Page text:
Title IX, the federal law prohibiting gender discrimination in education, has hardly solved sexism.
But the decades since Title IX was enacted have surely brought more opportunities for women in higher education—and more opportunities for all of us to benefit from their brilliance.
Listen to a few female faculty members about what excites them about their research and their work with students.
Professor of Polymer Materials Engineering
Being engineers, we’re trying to solve problems. We’re working with industry partners here in Washington state and the greater region, and they bring the problems to us. When I first started at Western 25 years ago, we did a lot of projects with aerospace, transportation, marine, and recreation industries. Now, all of my projects sponsored by those industries are addressing plastic waste, recyclability, biodegradability, and identifying ways to incorporate these materials more thoughtfully, so that we don’t continue to persist the plastic waste problem.
Associate Professor of Biochemistry
My lab is interested in how proteins interact with each other, specifically proteins that target peptides, or short sequences of amino acids. When we solve protein structures, we are typically the first people who have seen the molecular details of this particular protein domain or interaction. There are several steps to this process: We purify and crystallize the proteins and then send the crystals to a synchrotron facility where we shine high-energy X-rays at them. From the diffraction pattern, we calculate the electron density, and can fit the atoms based on the sequence. We then use the structure to understand the results from our biochemical assays.
Associate Professor of Computer Science
Most of my research focuses on designing technology for autistic individuals and families of autistic children. We have many autistic students in computer science and other STEM departments and some of them come and work with us because they think that they can make a difference in many autistic students’ lives. As we are learning more and more about autism, we now know that this is not a disease, it’s a condition. It’s a neurodiversity. So instead of looking at limitations and challenges, we just started looking at strengths. They have these capabilities, so how do we make sure that technology can help them to maybe even sharpen and enhance those capabilities. We call it a strengths-based approach. So that’s where the technology is going: not looking at problems, but looking at people’s strengths, and trying to utilize those so that our lives get better.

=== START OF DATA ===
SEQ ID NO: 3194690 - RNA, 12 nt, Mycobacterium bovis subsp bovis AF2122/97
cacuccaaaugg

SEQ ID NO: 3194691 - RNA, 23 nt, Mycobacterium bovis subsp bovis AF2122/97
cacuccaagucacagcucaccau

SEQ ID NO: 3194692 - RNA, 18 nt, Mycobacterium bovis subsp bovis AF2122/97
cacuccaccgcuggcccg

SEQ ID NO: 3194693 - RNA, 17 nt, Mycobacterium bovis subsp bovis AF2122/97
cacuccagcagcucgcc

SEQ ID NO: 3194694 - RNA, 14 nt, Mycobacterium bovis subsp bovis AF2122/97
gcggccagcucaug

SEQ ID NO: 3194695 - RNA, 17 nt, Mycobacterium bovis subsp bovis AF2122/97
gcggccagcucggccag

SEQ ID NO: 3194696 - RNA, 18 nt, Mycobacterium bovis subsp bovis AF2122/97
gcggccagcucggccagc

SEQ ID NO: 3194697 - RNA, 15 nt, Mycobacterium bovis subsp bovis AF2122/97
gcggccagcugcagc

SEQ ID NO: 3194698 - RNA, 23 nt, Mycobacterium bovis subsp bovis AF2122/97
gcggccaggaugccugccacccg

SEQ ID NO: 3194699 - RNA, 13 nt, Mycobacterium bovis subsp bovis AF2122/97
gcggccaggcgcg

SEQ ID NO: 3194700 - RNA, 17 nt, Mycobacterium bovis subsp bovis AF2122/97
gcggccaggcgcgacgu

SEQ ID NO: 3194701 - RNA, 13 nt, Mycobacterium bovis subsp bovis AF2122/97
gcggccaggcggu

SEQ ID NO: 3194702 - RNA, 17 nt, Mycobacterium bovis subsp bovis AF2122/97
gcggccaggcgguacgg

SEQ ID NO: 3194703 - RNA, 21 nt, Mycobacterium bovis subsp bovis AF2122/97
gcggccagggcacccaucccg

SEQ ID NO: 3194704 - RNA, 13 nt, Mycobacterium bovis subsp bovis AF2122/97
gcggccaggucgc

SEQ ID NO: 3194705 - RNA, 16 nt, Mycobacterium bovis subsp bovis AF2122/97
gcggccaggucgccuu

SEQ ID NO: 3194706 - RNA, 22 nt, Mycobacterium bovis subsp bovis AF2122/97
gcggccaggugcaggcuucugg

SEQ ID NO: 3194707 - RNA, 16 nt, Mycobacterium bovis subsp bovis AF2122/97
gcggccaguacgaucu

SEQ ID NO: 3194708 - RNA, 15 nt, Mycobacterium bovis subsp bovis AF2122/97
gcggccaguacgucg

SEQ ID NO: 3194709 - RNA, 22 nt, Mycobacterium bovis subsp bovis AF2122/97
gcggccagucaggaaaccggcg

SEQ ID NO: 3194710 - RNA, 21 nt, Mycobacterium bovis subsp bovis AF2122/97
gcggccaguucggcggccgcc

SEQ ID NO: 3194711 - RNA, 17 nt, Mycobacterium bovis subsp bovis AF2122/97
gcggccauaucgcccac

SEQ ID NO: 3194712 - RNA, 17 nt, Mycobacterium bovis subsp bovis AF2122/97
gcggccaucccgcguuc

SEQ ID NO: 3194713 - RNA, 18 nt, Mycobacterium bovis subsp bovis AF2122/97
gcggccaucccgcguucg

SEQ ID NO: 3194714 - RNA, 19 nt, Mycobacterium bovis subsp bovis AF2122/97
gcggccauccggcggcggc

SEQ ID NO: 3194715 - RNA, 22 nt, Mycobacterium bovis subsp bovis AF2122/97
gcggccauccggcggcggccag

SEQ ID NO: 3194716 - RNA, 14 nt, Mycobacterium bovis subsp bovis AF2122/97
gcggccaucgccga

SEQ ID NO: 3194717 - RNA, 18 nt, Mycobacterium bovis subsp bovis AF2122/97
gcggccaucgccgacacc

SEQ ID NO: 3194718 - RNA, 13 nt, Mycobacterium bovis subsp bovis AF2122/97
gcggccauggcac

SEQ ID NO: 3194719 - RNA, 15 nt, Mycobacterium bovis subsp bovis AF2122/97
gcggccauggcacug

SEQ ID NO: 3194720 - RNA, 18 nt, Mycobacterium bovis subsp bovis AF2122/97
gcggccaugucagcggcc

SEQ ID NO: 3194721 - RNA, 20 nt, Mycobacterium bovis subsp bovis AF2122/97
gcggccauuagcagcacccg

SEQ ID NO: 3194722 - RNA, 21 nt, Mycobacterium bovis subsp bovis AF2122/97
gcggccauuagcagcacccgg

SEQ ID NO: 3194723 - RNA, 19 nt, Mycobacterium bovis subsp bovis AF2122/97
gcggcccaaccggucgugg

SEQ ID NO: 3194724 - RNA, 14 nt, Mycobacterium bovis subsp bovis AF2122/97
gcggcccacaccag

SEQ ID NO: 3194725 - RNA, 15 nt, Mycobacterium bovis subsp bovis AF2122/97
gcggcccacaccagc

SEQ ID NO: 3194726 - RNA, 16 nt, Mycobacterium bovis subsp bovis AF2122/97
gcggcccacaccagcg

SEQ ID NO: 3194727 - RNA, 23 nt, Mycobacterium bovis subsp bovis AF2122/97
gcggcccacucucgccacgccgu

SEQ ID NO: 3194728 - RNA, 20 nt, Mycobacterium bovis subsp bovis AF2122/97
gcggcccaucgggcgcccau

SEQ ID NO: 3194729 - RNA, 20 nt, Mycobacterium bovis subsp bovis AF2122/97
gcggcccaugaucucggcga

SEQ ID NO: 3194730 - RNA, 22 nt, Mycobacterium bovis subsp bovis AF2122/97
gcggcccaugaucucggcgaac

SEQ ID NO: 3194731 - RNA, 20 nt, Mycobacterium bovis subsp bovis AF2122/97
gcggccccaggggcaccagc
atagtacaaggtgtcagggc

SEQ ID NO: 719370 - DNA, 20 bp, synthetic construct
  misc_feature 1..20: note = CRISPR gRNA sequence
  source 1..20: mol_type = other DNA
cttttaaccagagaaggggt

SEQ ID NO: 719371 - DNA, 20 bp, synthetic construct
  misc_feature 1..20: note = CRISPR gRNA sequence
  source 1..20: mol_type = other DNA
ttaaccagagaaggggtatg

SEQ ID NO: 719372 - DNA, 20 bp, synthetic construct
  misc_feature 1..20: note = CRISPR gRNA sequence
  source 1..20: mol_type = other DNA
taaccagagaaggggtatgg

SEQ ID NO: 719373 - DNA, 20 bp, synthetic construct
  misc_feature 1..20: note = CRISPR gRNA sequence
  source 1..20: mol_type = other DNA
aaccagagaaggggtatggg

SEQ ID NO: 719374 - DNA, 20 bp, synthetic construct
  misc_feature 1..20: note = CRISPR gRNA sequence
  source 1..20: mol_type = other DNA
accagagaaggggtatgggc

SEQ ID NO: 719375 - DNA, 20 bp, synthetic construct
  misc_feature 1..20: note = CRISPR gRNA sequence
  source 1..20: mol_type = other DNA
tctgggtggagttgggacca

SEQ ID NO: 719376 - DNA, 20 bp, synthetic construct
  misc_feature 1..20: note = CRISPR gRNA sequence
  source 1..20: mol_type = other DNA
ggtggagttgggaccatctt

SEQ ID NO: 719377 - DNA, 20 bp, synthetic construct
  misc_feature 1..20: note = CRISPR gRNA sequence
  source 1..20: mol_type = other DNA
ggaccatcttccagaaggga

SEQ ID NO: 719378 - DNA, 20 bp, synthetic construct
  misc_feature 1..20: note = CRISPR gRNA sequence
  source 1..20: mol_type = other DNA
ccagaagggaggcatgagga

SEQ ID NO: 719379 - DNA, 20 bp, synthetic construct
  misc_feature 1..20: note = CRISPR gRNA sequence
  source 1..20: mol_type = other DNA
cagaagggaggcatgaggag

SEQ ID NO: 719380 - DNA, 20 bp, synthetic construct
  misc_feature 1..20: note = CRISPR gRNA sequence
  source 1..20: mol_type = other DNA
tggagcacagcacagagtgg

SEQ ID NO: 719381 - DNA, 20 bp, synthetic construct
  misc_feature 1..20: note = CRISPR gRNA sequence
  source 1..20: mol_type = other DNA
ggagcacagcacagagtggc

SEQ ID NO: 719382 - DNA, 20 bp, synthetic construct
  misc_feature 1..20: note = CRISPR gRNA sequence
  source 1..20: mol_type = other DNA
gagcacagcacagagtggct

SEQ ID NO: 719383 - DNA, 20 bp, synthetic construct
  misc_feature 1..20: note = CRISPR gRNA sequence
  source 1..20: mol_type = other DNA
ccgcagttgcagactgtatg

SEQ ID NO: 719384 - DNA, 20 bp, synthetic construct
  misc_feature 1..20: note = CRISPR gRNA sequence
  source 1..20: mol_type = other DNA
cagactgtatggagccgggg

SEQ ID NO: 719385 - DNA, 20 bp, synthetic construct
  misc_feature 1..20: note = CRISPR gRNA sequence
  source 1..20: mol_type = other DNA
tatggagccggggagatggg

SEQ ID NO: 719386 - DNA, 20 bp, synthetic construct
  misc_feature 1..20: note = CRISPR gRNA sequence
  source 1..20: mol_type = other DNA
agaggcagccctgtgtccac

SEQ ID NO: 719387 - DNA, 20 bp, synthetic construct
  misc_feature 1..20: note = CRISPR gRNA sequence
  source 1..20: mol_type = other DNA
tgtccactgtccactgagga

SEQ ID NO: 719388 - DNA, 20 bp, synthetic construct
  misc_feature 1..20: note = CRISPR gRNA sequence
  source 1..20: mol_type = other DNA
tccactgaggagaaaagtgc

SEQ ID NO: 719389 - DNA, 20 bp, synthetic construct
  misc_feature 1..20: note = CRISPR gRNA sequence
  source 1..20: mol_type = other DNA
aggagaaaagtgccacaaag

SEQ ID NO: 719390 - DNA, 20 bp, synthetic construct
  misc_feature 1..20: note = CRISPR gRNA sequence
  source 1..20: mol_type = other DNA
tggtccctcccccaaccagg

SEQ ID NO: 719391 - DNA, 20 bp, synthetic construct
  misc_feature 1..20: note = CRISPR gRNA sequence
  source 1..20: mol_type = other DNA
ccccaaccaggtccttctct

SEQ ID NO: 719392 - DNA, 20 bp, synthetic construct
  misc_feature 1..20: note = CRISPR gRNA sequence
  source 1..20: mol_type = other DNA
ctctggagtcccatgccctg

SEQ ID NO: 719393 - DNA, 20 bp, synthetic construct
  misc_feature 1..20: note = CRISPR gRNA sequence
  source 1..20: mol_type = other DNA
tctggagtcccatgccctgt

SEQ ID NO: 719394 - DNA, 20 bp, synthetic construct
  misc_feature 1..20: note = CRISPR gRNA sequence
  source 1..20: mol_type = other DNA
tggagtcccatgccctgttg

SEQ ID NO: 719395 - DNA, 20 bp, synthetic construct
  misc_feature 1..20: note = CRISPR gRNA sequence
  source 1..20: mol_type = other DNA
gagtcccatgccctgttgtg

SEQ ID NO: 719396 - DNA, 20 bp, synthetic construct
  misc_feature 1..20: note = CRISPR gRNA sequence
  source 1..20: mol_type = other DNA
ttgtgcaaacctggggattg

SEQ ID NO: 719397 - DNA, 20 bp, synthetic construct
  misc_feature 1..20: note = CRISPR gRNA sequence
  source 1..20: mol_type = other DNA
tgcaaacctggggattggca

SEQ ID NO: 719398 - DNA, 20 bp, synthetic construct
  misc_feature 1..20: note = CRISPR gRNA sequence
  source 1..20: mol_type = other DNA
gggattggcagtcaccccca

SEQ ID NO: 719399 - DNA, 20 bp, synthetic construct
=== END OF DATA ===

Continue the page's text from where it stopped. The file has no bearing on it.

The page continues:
Associate Professor of Engineering and Design Director of Manufacturing Engineering
The motto that our professional society always uses is, “Engineers make things; industrial engineers make things better.” It’s the focus on the process of how to make those things. Mainly, my research is in the medical field. I look at medical implants to try to figure out a way to make them more efficient in terms of the ease of installment and making it safer for the surgeons and the patients. Part of my current research focuses on improving the design of specific surgical implants that orthopedic surgeons use in the operating room. The current design heavily relies on the expertise of the surgeon and X-ray imaging during the procedure. The research team and I improved the design to be used efficiently with minimal X-ray exposure. It was a novel design idea for which we were able to file a patent application.
Professor of Geology
You’re up in the mountains, hammering on rocks, looking at basically the results of really, really old—hundreds of millions of years old—earthquakes. I really love these projects because you get to be up in the mountains, and the rocks are just, really cool. They’re twisted and deformed and squished and melted—and they’re pretty. It’s kind of a geometric, 3D puzzle, to try to understand how these rocks got into the shapes they are. Two hundred million years ago, none of this was here. We were in the middle of an ocean. All this land, from Spokane over, has been kind of glommed on to North America for the last 200 million years, and so we’re figuring out how that happened. Some of those rocks came from as far away as Greenland. If you go up to Yellow Aster Meadows or Park Butte, some of those rocks came from Greenland, and that blows me away.
Professor and Director of Polymer Materials Engineering
The composites industry is still a really new field. The development of materials and processes have a huge influence on how they are used and how they impact the environment. We need to ensure materials follow cradle-to-cradle, instead of cradle-to-grave. We are ensuring that composites come full circle and that we are better stewards. No matter what material it is, it is a finite resource. For example, my students and I are working on a composite using mushroom roots. We want to replace chip board and particle board with a more biofriendly alternative.
Portraits in Time
Photographers Luke Hollister and Sean Curtis Patrick made some of these portraits using a vintage Polaroid SX-70, a camera that debuted the same year that Title IX was enacted. Compare the Polaroids to the digital images of today to see subtle changes in the passage of time.